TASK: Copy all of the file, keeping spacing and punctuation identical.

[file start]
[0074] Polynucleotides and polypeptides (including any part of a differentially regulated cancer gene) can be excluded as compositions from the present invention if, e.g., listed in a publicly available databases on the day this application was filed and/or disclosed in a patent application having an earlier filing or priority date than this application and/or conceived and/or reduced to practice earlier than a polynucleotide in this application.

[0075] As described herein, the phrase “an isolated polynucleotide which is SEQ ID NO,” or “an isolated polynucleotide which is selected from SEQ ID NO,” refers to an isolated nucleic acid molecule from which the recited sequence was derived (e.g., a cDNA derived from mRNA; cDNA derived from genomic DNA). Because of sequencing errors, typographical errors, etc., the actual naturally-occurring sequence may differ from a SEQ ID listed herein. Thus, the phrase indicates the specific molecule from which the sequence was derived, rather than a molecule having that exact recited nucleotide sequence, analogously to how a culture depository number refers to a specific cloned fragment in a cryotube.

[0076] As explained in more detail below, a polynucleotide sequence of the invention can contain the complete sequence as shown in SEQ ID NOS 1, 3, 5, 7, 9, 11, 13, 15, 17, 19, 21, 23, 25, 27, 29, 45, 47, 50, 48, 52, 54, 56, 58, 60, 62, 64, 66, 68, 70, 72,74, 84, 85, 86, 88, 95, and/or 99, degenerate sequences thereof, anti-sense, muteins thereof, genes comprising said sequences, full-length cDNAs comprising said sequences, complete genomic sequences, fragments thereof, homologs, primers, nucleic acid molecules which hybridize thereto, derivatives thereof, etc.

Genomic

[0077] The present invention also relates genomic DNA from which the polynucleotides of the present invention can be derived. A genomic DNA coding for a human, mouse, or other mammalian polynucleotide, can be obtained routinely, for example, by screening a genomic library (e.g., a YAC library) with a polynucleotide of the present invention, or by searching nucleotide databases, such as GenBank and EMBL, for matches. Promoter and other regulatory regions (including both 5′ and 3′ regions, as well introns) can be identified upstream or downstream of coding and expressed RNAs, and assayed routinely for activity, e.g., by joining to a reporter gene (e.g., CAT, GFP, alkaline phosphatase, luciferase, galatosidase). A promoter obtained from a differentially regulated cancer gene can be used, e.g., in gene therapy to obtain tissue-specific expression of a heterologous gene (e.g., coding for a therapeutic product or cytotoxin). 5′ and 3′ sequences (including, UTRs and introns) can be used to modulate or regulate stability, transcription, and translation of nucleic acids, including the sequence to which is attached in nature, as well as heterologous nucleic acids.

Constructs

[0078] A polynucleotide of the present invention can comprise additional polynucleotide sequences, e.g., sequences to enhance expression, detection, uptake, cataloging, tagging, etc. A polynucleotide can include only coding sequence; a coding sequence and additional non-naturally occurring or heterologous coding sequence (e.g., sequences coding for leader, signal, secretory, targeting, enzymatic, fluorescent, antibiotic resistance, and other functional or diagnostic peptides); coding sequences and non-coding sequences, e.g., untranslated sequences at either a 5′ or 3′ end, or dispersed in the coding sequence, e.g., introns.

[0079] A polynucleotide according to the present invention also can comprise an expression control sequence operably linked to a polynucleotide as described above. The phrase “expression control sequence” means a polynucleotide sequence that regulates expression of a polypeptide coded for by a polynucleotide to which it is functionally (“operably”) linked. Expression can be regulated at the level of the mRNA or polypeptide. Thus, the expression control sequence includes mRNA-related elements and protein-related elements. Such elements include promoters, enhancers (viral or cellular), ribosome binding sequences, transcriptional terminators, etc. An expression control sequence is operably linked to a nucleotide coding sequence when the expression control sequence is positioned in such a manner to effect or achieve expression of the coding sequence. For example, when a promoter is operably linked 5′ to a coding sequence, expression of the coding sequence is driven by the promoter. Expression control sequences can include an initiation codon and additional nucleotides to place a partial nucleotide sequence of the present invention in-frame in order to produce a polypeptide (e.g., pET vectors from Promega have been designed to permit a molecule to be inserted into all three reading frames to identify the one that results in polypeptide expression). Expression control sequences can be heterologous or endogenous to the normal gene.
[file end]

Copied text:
[0074] Polynucleotides and polypeptides (including any part of a differentially regulated cancer gene) can be excluded as compositions from the present invention if, e.g., listed in a publicly available databases on the day this application was filed and/or disclosed in a patent application having an earlier filing or priority date than this application and/or conceived and/or reduced to practice earlier than a polynucleotide in this application.

[0075] As described herein, the phrase “an isolated polynucleotide which is SEQ ID NO,” or “an isolated polynucleotide which is selected from SEQ ID NO,” refers to an isolated nucleic acid molecule from which the recited sequence was derived (e.g., a cDNA derived from mRNA; cDNA derived from genomic DNA). Because of sequencing errors, typographical errors, etc., the actual naturally-occurring sequence may differ from a SEQ ID listed herein. Thus, the phrase indicates the specific molecule from which the sequence was derived, rather than a molecule having that exact recited nucleotide sequence, analogously to how a culture depository number refers to a specific cloned fragment in a cryotube.

[0076] As explained in more detail below, a polynucleotide sequence of the invention can contain the complete sequence as shown in SEQ ID NOS 1, 3, 5, 7, 9, 11, 13, 15, 17, 19, 21, 23, 25, 27, 29, 45, 47, 50, 48, 52, 54, 56, 58, 60, 62, 64, 66, 68, 70, 72,74, 84, 85, 86, 88, 95, and/or 99, degenerate sequences thereof, anti-sense, muteins thereof, genes comprising said sequences, full-length cDNAs comprising said sequences, complete genomic sequences, fragments thereof, homologs, primers, nucleic acid molecules which hybridize thereto, derivatives thereof, etc.

Genomic

[0077] The present invention also relates genomic DNA from which the polynucleotides of the present invention can be derived. A genomic DNA coding for a human, mouse, or other mammalian polynucleotide, can be obtained routinely, for example, by screening a genomic library (e.g., a YAC library) with a polynucleotide of the present invention, or by searching nucleotide databases, such as GenBank and EMBL, for matches. Promoter and other regulatory regions (including both 5′ and 3′ regions, as well introns) can be identified upstream or downstream of coding and expressed RNAs, and assayed routinely for activity, e.g., by joining to a reporter gene (e.g., CAT, GFP, alkaline phosphatase, luciferase, galatosidase). A promoter obtained from a differentially regulated cancer gene can be used, e.g., in gene therapy to obtain tissue-specific expression of a heterologous gene (e.g., coding for a therapeutic product or cytotoxin). 5′ and 3′ sequences (including, UTRs and introns) can be used to modulate or regulate stability, transcription, and translation of nucleic acids, including the sequence to which is attached in nature, as well as heterologous nucleic acids.

Constructs

[0078] A polynucleotide of the present invention can comprise additional polynucleotide sequences, e.g., sequences to enhance expression, detection, uptake, cataloging, tagging, etc. A polynucleotide can include only coding sequence; a coding sequence and additional non-naturally occurring or heterologous coding sequence (e.g., sequences coding for leader, signal, secretory, targeting, enzymatic, fluorescent, antibiotic resistance, and other functional or diagnostic peptides); coding sequences and non-coding sequences, e.g., untranslated sequences at either a 5′ or 3′ end, or dispersed in the coding sequence, e.g., introns.

[0079] A polynucleotide according to the present invention also can comprise an expression control sequence operably linked to a polynucleotide as described above. The phrase “expression control sequence” means a polynucleotide sequence that regulates expression of a polypeptide coded for by a polynucleotide to which it is functionally (“operably”) linked. Expression can be regulated at the level of the mRNA or polypeptide. Thus, the expression control sequence includes mRNA-related elements and protein-related elements. Such elements include promoters, enhancers (viral or cellular), ribosome binding sequences, transcriptional terminators, etc. An expression control sequence is operably linked to a nucleotide coding sequence when the expression control sequence is positioned in such a manner to effect or achieve expression of the coding sequence. For example, when a promoter is operably linked 5′ to a coding sequence, expression of the coding sequence is driven by the promoter. Expression control sequences can include an initiation codon and additional nucleotides to place a partial nucleotide sequence of the present invention in-frame in order to produce a polypeptide (e.g., pET vectors from Promega have been designed to permit a molecule to be inserted into all three reading frames to identify the one that results in polypeptide expression). Expression control sequences can be heterologous or endogenous to the normal gene.